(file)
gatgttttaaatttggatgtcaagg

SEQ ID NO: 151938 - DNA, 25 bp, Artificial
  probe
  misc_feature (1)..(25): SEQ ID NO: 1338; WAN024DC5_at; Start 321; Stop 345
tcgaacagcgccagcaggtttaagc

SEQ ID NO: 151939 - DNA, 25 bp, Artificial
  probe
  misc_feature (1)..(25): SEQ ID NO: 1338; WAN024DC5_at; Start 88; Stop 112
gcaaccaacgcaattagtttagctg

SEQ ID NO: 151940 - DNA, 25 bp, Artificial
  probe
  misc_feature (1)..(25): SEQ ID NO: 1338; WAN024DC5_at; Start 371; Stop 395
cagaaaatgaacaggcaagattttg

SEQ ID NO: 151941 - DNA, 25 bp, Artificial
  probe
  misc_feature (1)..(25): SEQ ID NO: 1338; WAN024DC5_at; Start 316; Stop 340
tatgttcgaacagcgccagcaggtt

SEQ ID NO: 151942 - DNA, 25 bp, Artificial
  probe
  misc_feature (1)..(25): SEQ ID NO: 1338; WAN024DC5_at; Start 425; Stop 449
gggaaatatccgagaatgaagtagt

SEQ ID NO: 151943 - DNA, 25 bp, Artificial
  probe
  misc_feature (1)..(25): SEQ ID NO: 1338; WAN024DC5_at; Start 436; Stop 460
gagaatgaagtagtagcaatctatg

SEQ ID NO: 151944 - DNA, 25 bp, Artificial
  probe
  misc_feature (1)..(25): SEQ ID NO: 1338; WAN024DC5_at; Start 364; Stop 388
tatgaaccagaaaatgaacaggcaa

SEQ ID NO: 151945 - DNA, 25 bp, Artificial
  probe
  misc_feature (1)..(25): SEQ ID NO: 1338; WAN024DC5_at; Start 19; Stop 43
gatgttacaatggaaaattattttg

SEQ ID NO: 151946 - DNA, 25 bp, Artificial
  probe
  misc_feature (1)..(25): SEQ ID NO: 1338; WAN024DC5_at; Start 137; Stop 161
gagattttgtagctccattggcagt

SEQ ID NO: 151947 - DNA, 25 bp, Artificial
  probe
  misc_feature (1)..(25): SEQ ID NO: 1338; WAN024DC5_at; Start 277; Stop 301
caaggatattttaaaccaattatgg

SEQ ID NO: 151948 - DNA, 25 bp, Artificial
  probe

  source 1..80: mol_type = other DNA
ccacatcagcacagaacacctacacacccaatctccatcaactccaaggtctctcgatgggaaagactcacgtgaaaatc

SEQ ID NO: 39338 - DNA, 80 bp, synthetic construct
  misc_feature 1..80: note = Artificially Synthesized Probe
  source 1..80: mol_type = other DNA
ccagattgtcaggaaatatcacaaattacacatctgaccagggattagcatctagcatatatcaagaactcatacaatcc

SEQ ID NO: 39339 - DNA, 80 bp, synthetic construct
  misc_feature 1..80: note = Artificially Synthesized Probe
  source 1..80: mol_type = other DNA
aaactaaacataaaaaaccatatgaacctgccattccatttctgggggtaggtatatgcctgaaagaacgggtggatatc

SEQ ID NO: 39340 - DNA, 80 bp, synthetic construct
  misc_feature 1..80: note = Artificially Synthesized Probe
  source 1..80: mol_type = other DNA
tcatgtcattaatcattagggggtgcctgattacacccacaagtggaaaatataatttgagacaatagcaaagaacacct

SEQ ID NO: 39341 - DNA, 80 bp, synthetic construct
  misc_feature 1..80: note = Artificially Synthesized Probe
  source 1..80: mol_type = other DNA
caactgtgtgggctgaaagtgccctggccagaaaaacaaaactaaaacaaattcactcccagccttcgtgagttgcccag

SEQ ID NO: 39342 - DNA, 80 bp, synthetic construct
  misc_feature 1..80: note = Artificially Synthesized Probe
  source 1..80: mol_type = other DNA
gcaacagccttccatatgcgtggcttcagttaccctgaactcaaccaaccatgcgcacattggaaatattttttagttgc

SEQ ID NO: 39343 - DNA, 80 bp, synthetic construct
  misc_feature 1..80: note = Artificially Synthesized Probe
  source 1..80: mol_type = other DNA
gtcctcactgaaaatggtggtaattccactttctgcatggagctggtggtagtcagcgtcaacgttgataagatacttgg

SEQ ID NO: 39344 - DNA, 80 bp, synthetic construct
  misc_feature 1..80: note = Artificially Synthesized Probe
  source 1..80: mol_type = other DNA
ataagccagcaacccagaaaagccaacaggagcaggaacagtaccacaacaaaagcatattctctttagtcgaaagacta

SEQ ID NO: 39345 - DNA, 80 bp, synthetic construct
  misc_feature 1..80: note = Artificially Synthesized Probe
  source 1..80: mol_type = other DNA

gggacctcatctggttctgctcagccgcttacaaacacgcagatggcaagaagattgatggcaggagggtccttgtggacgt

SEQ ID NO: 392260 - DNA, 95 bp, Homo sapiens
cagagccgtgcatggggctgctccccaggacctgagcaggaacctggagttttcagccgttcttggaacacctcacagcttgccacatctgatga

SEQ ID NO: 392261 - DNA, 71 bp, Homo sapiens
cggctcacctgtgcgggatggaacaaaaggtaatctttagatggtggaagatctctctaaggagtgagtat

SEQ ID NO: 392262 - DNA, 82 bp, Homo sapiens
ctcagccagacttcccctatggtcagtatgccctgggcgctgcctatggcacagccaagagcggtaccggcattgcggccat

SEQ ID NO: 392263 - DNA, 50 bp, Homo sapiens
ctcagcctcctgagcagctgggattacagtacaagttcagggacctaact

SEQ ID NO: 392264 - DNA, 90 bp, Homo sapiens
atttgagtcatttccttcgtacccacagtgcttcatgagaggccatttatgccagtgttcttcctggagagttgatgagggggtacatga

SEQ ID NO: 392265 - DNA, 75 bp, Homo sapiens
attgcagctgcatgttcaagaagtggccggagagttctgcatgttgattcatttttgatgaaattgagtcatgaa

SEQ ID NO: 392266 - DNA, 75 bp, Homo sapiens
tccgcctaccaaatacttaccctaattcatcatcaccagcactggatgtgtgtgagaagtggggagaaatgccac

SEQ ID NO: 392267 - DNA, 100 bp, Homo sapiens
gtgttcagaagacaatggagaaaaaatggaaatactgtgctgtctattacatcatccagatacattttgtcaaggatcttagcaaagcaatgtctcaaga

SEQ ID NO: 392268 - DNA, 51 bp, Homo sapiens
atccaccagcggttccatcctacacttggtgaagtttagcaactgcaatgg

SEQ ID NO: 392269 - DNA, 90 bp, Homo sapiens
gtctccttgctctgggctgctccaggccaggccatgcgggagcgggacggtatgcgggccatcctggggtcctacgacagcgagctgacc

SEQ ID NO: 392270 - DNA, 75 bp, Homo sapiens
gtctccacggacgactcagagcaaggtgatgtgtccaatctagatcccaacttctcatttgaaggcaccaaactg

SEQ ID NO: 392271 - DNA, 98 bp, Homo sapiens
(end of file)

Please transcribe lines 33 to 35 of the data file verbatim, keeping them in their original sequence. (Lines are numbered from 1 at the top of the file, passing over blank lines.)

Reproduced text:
gatgttacaatggaaaattattttg

SEQ ID NO: 151946 - DNA, 25 bp, Artificial
  probe